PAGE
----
It was 1971 when Mr. Arsenault began his martial arts training in North Bay, Ontario under the watchful eye of Sensei Duane Sawyer in Kenshokan Dharma, Goshin Jutsu. At this time, he had yet to hear of Bruce Lee who became a screen idol in the early 70s and started the Kung Fu craze here in North America.
He knew about the existence of judo, as it was an Olympic sport. Karate was just a word that he associated to a newly introduced fighting style and kung fu was relatively unheard of.
Mr. Arsenault threw himself intensely into karate during his university years (1972-78) at McMaster University in Hamilton, Ontario. He attained the rank of first kyu brown belt in Eastern's rough and tumble Goju Ryu Karate. After dabbling in Chito Ryu karate and obtaining his teaching degree at Queen's University in Kingston, he moved to Vancouver, British Columbia.
He joined the Vancouver Police Department in 1979, a career he continues today. In Vancouver, he met Master Wong, Yuwa his karate instructor, or colleague as Yuwa now wishes to be called, and the true essence of karate unfolded under his expert and humble tutelage. Al was awarded his 3rd degree black belt from Dr. Wong in 1986. Al had never known such a technically brilliant yet utterly humble martial artist before. Master Wong encouraged his students in Nisei Karate-do to study all facets and styles of the martial arts and to utilize only what was useful for our temperaments and body types. Indeed, it was because of this freedom that one of Yuwa's long time karate students, Michael Levenston, came to study T'ai Chi Chu'an (Taijiquan) with Master Liang, Shou-Yu. In 1989, Michael introduced Master Liang to Yuwa and Al as being a 'living treasury of martial arts skill and knowledge'. Master Liang proved to be indeed just that. Al stopped teaching karate, preferring to train with Master Liang. Soon the concept of Wushu Sanshou Dao was born in a gym at the University of British Columbia, where the few of them trained together (see early training photo). Sanshou Dao is basically the hybridization of the extensive and collective knowledge of these two masters with Michael and Al assisting in the meshing process whenever they could. This process still continues to grow worldwide today as they seek new skills to absorb into the slowly evolving sanshou style.
As his experience in the martial arts and street policing grew, Mr. Arsenault became interested mainly in the practical applications of the martial arts. He fought continuously with the students in his club despite a chronic back problem. Now at 50 years of age he still enjoys vigorous workouts. He obtained his black belt in judo under Tim Laidler, Brian Shipper, Toby Hinton and Wes Fung who head the Vancouver Police Judo/ Jiu Jitsu Club and he serves as an assistant instructor at this club. Al is actively involved in teaching his fellow officers about police restraint and control tactics (within the judo club), he was a founding member of a Crowd Control Unit and he has been used extensively by the courts as an expert in non-firearm weaponry over the last two decades.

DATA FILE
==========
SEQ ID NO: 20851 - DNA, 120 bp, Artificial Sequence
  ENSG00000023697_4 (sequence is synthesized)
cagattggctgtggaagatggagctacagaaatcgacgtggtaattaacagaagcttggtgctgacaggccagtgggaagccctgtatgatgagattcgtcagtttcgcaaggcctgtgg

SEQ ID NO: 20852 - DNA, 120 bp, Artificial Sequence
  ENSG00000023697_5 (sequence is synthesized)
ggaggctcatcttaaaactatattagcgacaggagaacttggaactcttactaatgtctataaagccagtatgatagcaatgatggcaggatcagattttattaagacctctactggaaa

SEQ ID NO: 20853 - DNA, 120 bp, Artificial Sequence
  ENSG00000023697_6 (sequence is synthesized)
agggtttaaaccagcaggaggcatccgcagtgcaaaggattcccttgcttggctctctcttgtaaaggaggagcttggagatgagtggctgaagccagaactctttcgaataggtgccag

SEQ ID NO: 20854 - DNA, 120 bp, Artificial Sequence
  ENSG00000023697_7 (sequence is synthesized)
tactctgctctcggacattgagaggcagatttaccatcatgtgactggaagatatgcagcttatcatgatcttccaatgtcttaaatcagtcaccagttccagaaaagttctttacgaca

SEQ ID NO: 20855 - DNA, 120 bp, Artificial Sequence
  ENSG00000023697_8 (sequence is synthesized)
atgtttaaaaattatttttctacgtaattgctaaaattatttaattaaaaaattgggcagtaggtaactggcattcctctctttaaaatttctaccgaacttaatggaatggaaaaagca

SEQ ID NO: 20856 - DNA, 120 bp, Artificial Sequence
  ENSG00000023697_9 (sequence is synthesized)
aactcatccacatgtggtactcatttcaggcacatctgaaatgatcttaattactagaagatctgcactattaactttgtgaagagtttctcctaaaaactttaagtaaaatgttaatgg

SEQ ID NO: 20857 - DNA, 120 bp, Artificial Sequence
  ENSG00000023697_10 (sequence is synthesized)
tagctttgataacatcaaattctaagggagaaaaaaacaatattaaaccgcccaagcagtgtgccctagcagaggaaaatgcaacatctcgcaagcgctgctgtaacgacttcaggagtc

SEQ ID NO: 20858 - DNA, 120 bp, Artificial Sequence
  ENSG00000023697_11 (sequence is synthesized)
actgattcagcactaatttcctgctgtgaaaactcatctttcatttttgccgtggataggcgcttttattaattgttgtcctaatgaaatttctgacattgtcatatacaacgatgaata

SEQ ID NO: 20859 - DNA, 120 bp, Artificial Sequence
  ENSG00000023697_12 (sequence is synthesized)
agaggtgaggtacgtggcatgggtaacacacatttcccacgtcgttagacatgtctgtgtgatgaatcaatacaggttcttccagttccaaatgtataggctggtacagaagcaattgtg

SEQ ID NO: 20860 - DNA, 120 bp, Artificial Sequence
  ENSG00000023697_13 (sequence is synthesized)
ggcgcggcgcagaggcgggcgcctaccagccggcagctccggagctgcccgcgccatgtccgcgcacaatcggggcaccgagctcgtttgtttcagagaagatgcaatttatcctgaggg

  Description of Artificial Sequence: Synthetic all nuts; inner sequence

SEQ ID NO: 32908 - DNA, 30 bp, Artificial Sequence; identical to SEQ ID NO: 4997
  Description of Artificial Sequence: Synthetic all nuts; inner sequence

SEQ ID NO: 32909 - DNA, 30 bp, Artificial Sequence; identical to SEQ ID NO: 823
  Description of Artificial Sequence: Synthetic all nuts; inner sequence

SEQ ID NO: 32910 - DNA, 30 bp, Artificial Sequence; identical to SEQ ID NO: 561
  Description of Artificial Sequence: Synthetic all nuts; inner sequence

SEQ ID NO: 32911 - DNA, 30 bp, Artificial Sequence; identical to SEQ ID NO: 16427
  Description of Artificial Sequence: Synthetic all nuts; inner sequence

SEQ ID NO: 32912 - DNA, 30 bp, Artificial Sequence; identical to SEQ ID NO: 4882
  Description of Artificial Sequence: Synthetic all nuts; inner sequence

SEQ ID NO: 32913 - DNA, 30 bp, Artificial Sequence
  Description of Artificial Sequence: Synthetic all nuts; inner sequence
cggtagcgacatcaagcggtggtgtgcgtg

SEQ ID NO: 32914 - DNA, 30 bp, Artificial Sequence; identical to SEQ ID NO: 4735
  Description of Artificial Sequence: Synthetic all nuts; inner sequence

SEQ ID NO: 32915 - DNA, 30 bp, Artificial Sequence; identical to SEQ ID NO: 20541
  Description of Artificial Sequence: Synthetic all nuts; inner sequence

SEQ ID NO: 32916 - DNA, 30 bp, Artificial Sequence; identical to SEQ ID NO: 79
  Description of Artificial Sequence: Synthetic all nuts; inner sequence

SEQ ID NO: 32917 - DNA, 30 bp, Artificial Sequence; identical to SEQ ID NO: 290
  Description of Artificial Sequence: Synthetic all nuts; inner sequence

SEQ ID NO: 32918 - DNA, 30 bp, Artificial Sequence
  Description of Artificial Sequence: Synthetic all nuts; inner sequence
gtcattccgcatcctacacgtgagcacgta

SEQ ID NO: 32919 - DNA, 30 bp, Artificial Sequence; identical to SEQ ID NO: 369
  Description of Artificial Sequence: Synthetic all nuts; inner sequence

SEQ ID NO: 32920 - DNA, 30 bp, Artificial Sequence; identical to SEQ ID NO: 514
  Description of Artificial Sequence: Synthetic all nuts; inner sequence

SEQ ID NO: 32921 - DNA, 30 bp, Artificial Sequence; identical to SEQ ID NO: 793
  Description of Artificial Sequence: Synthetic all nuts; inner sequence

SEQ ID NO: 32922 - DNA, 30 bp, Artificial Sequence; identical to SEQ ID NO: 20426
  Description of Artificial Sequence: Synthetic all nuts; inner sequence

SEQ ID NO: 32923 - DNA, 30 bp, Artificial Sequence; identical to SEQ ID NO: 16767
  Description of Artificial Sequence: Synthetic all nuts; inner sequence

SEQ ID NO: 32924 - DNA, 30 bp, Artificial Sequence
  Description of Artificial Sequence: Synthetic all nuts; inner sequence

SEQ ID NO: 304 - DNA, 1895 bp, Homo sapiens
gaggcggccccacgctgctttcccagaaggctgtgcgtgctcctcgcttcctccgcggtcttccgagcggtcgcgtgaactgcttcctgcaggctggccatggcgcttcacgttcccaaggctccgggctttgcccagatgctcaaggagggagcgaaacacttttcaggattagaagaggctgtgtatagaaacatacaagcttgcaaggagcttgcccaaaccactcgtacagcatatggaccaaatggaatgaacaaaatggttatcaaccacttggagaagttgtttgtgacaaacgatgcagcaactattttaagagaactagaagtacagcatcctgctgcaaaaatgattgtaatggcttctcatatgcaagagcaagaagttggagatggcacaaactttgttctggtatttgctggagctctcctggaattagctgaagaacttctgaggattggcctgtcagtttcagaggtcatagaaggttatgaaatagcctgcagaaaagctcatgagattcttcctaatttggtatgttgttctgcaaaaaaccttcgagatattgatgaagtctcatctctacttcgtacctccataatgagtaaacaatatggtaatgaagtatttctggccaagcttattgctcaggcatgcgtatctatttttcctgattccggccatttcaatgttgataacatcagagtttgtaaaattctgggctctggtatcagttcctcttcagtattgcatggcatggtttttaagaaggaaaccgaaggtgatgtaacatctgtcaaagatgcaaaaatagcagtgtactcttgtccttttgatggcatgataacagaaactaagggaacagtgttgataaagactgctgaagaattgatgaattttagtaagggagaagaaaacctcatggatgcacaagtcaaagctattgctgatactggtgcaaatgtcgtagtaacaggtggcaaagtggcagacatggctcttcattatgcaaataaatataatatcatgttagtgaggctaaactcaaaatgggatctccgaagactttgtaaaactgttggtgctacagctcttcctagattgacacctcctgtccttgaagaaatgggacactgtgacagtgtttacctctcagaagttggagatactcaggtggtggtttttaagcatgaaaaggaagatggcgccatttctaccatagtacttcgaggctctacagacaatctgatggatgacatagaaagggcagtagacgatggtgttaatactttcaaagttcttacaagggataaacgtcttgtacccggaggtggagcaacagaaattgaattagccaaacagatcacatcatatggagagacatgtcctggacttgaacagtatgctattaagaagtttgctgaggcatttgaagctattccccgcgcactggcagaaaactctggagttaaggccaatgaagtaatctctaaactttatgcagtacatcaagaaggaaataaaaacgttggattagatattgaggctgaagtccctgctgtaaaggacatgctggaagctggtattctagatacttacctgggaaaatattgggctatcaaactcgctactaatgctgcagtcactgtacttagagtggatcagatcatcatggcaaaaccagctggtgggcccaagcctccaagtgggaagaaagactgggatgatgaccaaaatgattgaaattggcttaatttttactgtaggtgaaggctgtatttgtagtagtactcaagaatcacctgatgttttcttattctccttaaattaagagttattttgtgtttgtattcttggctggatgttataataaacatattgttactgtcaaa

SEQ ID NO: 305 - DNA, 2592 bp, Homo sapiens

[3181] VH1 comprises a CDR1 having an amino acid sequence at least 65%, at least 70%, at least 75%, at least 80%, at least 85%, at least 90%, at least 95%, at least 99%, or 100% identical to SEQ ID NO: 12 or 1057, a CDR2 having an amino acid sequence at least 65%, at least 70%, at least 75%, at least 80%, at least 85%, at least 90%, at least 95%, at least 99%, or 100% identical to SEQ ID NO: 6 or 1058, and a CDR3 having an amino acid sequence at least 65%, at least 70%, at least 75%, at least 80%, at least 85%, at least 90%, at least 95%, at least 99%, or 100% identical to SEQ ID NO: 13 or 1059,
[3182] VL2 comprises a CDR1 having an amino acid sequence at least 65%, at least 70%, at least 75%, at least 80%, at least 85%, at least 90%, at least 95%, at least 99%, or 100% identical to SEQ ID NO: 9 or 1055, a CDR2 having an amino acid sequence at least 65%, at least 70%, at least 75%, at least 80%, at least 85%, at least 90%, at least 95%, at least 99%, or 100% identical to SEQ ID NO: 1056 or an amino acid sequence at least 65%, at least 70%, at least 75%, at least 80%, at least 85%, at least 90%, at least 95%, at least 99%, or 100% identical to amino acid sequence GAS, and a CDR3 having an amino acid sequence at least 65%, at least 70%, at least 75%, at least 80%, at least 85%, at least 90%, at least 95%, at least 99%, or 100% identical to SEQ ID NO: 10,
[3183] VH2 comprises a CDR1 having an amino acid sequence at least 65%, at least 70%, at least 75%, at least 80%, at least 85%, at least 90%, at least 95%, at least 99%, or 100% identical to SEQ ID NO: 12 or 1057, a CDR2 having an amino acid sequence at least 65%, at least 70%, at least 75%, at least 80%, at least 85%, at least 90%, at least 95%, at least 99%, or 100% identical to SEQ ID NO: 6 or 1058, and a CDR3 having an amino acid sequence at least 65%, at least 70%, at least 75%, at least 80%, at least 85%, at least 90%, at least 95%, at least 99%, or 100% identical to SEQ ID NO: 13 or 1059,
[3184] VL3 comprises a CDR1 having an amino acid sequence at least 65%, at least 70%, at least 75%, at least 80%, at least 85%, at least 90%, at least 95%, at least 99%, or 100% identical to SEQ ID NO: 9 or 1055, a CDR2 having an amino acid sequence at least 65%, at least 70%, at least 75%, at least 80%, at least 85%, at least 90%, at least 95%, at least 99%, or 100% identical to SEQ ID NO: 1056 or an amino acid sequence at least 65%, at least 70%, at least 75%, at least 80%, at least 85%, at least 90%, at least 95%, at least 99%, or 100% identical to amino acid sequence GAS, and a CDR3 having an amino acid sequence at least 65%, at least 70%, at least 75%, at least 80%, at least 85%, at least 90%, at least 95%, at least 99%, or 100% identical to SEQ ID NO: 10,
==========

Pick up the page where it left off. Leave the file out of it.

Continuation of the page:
Today, he is also beginning to explore the creative side of his personality through writing and visual arts such as 'Odd Squad' filming of documentaries and educational videos like 'Through a Blue Lens' , 'Flipping the World'  and 'Beyond the Blue Lens'  (see www.oddsquad.com).
Cst. Arsenault has had to arrest many violent offenders throughout the course of his career as a police officer. He has learned to read pre-assault cues and with the utmost speed, take the fight to his would-be assailant and put him quickly down to the ground without causing unnecessary harm. He likes to say that 'there is a time for talk and a time for action'. Not knowing the difference could mean a trip to the hospital to treat his injuries or to police Internal Affairs to explain his actions. He has always fought smarter, not harder and he only fights when he has to. Cst. Arsenault has chosen to stay exclusively on the street as opposed to taking the softer inside 'desk jockey' positions. A 'carpet cop' he is not. He takes pride in being a 'career constable' and being up to his elbows in the seedy and often violent part of society (in Vancouver's notorious skid road- the Downtown Eastside) where drug-induced human misery and surviving by instincts are the norm.
Having said this, Al advocates for a strict code of non-violence to his students other than for reasons of self-defense. If they must fight a righteous and unavoidable battle, he teaches them that there is no 'fair' fight, only personal survival. The amount of force they use must be proportionate to the amount of force used against them, in accordance with our laws. With such a training environment, few bullies or hot heads are attracted. These types soon leave or are shown the way out. And so our students must learn the distinction between self-serving violence and the judicious application of force for the common good of all.
For over a decade, Al has served as the President of the International Wushu Sanshou Dao Association that Master Liang, Shou-Yu, Dr. Wong, Yuwa and Dr. Yang, Jwing-Ming formed in 1988. In 1997, Master Liang awarded Al a 5th degree black belt in Sanshou Dao, a degree that is humbly acknowledged as being largely an honorary one. The SYL Institute in Vancouver is immensely popular and our students successfully compete internationally. Indeed, Master Liang has a large contingent of both local (see group photo) and international students. Sanshou Dao has spread to China and elsewhere, taking on the flavors of other styles of martial arts to give it additional strength and depth.
- Principles Common to Both Qin Na and Ground Fighting, September 30, 2013